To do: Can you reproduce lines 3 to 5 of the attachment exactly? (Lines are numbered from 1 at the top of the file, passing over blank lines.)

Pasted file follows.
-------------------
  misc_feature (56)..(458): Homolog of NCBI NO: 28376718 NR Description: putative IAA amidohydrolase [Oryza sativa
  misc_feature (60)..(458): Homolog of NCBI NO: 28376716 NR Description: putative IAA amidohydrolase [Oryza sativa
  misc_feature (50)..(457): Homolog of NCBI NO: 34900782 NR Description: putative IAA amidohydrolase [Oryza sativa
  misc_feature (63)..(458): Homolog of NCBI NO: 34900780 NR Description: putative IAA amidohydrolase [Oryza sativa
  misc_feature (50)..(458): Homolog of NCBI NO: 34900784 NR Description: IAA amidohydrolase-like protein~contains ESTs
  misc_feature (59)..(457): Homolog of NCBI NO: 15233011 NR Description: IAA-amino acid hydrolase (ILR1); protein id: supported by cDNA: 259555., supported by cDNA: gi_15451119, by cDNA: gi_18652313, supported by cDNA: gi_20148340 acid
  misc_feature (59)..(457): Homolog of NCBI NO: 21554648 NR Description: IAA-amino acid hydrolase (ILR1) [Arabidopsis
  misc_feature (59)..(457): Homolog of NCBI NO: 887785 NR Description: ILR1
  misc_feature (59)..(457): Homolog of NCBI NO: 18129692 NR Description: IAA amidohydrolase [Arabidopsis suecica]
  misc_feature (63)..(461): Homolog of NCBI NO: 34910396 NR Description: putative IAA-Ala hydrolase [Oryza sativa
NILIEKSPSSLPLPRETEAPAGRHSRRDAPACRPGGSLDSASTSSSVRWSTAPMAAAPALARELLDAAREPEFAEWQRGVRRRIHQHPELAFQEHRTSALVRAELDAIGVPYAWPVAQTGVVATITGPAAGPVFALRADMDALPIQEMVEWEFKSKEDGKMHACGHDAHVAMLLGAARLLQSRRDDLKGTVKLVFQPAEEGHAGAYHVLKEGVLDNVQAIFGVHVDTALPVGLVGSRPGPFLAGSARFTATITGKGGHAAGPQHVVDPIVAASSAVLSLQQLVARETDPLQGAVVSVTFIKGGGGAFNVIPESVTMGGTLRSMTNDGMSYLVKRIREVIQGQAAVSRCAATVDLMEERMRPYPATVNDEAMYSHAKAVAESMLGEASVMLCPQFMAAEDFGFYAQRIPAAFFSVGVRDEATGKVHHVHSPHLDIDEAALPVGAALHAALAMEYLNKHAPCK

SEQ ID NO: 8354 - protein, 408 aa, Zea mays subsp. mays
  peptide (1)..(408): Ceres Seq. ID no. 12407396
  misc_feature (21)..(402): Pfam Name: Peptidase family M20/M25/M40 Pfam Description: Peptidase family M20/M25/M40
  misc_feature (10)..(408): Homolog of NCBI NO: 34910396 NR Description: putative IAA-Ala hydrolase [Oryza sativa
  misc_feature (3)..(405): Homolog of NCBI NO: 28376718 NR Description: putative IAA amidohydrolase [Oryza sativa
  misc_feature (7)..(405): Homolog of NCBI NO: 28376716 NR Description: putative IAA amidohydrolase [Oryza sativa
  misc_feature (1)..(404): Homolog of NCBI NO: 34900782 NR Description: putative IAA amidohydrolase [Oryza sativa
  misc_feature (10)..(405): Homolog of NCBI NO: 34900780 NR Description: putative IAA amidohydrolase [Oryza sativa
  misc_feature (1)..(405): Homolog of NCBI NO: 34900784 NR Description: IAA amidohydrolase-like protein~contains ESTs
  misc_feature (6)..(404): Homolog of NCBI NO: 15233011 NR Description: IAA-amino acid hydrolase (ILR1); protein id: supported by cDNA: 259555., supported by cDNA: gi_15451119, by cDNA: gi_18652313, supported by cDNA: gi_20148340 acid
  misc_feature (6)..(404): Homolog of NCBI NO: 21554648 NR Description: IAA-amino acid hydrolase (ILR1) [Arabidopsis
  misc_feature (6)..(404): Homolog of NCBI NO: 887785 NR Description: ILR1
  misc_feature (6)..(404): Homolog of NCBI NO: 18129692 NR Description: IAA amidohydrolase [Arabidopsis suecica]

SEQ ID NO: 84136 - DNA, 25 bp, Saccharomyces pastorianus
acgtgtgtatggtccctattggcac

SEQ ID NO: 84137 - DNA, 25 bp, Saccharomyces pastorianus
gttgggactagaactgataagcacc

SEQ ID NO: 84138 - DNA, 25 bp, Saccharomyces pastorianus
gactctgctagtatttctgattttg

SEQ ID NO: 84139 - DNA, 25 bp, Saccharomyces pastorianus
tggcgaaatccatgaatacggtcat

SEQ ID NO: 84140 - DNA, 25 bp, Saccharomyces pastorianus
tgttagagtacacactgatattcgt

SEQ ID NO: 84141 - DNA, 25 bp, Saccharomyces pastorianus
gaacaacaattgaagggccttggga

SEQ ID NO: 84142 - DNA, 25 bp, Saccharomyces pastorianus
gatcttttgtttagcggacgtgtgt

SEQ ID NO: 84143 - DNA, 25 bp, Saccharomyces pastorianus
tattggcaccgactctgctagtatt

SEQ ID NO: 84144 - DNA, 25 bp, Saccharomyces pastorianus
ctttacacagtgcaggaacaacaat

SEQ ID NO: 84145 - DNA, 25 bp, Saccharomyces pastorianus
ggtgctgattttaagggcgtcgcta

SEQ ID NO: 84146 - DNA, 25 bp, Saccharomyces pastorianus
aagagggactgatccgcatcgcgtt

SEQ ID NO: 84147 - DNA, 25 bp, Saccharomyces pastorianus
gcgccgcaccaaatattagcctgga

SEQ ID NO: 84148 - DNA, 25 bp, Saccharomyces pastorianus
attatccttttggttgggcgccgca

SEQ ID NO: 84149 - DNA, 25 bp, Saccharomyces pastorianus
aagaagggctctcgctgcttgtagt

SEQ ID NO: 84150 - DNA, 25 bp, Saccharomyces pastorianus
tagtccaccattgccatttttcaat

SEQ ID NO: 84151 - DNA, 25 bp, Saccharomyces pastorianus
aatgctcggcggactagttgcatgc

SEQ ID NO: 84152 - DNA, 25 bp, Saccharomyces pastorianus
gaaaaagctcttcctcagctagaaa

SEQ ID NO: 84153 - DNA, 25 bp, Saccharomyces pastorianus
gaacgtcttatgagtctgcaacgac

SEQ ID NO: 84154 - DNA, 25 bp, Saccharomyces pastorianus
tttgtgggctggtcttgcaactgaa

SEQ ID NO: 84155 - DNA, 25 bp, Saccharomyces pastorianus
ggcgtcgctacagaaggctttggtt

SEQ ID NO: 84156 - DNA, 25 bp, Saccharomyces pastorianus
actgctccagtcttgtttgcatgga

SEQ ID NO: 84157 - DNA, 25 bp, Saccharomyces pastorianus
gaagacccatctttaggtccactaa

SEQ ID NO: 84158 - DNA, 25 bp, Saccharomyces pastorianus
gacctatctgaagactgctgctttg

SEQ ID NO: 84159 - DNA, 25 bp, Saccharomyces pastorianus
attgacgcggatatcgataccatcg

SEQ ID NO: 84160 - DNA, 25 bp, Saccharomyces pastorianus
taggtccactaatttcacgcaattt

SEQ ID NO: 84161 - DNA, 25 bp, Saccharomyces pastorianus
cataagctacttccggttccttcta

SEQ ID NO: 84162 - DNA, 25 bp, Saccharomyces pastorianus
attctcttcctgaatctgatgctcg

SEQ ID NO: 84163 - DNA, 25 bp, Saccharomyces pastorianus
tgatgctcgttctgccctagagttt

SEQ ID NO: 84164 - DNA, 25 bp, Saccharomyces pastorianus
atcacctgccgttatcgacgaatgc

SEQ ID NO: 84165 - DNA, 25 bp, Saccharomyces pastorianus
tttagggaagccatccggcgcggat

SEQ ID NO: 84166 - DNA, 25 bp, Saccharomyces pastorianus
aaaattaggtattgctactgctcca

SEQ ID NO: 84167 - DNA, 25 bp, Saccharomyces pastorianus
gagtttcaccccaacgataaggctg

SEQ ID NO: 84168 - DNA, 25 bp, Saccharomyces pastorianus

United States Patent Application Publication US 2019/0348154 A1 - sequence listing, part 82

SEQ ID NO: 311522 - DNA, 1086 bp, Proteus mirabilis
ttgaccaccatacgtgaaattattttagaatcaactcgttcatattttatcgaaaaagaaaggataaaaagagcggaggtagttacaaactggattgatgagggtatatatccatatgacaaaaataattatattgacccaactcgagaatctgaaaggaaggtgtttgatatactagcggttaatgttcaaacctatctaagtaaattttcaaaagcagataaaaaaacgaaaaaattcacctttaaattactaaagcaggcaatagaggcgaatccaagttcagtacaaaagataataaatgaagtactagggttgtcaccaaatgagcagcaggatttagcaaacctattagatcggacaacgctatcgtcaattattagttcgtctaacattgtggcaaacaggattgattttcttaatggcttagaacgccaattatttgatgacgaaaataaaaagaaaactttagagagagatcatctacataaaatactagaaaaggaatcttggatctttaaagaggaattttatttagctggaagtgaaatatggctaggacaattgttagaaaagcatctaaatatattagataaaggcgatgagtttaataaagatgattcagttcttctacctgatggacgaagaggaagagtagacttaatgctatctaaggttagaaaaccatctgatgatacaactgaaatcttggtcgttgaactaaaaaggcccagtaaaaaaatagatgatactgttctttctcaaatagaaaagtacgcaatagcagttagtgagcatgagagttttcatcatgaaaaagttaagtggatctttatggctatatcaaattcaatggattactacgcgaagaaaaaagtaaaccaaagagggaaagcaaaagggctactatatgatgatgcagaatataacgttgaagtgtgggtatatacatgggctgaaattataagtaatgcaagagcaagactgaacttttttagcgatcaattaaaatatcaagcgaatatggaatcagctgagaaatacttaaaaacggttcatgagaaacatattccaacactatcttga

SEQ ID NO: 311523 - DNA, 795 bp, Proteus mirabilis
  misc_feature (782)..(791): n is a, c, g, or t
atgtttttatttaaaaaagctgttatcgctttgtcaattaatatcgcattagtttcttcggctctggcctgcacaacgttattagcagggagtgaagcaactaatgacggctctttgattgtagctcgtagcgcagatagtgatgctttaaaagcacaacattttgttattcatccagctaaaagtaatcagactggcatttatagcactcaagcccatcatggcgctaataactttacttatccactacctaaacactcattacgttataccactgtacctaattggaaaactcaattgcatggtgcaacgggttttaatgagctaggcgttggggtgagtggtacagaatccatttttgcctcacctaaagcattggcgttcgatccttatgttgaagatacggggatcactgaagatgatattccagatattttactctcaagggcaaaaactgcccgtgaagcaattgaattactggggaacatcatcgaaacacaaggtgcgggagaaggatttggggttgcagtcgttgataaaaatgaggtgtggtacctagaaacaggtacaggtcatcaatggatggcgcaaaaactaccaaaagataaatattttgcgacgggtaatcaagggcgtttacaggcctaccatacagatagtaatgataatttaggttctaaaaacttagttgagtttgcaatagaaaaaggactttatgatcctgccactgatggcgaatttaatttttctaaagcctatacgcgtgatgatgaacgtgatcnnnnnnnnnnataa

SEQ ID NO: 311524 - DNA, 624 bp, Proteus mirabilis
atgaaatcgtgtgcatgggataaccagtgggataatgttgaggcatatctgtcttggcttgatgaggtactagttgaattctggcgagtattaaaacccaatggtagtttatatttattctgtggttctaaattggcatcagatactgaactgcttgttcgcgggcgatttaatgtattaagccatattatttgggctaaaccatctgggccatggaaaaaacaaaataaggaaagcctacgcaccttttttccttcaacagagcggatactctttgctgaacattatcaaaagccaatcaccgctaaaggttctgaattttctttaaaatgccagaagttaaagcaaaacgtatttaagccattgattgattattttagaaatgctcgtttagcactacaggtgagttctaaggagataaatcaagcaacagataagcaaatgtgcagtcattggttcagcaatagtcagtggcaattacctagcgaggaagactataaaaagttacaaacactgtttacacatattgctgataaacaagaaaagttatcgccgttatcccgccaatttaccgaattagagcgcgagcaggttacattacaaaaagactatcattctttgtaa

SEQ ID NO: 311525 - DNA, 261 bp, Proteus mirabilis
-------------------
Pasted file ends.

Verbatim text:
  misc_feature (50)..(457): Homolog of NCBI NO: 34900782 NR Description: putative IAA amidohydrolase [Oryza sativa
  misc_feature (63)..(458): Homolog of NCBI NO: 34900780 NR Description: putative IAA amidohydrolase [Oryza sativa
  misc_feature (50)..(458): Homolog of NCBI NO: 34900784 NR Description: IAA amidohydrolase-like protein~contains ESTs